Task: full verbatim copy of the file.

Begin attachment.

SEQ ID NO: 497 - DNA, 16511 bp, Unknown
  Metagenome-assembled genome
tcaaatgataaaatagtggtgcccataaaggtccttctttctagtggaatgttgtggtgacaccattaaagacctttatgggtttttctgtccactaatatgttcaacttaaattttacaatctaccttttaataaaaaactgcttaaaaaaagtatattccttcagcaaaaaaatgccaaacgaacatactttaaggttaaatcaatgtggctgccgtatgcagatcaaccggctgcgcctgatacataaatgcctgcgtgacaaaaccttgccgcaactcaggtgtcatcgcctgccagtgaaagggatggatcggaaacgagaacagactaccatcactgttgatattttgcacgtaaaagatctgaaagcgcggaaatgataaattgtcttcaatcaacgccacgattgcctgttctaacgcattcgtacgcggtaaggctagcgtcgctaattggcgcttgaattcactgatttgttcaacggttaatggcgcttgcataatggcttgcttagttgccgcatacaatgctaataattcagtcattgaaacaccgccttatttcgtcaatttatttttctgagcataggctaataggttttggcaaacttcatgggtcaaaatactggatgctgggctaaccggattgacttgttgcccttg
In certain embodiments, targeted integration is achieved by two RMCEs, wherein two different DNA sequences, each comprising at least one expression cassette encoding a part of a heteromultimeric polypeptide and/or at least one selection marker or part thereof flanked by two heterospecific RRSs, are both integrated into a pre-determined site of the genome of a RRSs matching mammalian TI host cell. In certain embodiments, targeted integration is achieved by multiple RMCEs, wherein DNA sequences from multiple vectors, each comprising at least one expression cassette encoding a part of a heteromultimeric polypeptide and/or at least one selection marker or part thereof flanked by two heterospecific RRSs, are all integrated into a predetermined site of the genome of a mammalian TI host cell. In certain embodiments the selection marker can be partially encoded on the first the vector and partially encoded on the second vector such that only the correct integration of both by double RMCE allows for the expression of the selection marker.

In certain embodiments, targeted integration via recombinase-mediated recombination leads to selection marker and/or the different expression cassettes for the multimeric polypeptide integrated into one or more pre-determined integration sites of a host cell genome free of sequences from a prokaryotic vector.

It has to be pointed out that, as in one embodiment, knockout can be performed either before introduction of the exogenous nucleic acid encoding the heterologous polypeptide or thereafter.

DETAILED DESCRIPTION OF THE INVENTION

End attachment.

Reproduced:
SEQ ID NO: 497 - DNA, 16511 bp, Unknown
  Metagenome-assembled genome
tcaaatgataaaatagtggtgcccataaaggtccttctttctagtggaatgttgtggtgacaccattaaagacctttatgggtttttctgtccactaatatgttcaacttaaattttacaatctaccttttaataaaaaactgcttaaaaaaagtatattccttcagcaaaaaaatgccaaacgaacatactttaaggttaaatcaatgtggctgccgtatgcagatcaaccggctgcgcctgatacataaatgcctgcgtgacaaaaccttgccgcaactcaggtgtcatcgcctgccagtgaaagggatggatcggaaacgagaacagactaccatcactgttgatattttgcacgtaaaagatctgaaagcgcggaaatgataaattgtcttcaatcaacgccacgattgcctgttctaacgcattcgtacgcggtaaggctagcgtcgctaattggcgcttgaattcactgatttgttcaacggttaatggcgcttgcataatggcttgcttagttgccgcatacaatgctaataattcagtcattgaaacaccgccttatttcgtcaatttatttttctgagcataggctaataggttttggcaaacttcatgggtcaaaatactggatgctgggctaaccggattgacttgttgcccttg
In certain embodiments, targeted integration is achieved by two RMCEs, wherein two different DNA sequences, each comprising at least one expression cassette encoding a part of a heteromultimeric polypeptide and/or at least one selection marker or part thereof flanked by two heterospecific RRSs, are both integrated into a pre-determined site of the genome of a RRSs matching mammalian TI host cell. In certain embodiments, targeted integration is achieved by multiple RMCEs, wherein DNA sequences from multiple vectors, each comprising at least one expression cassette encoding a part of a heteromultimeric polypeptide and/or at least one selection marker or part thereof flanked by two heterospecific RRSs, are all integrated into a predetermined site of the genome of a mammalian TI host cell. In certain embodiments the selection marker can be partially encoded on the first the vector and partially encoded on the second vector such that only the correct integration of both by double RMCE allows for the expression of the selection marker.

In certain embodiments, targeted integration via recombinase-mediated recombination leads to selection marker and/or the different expression cassettes for the multimeric polypeptide integrated into one or more pre-determined integration sites of a host cell genome free of sequences from a prokaryotic vector.

It has to be pointed out that, as in one embodiment, knockout can be performed either before introduction of the exogenous nucleic acid encoding the heterologous polypeptide or thereafter.

DETAILED DESCRIPTION OF THE INVENTION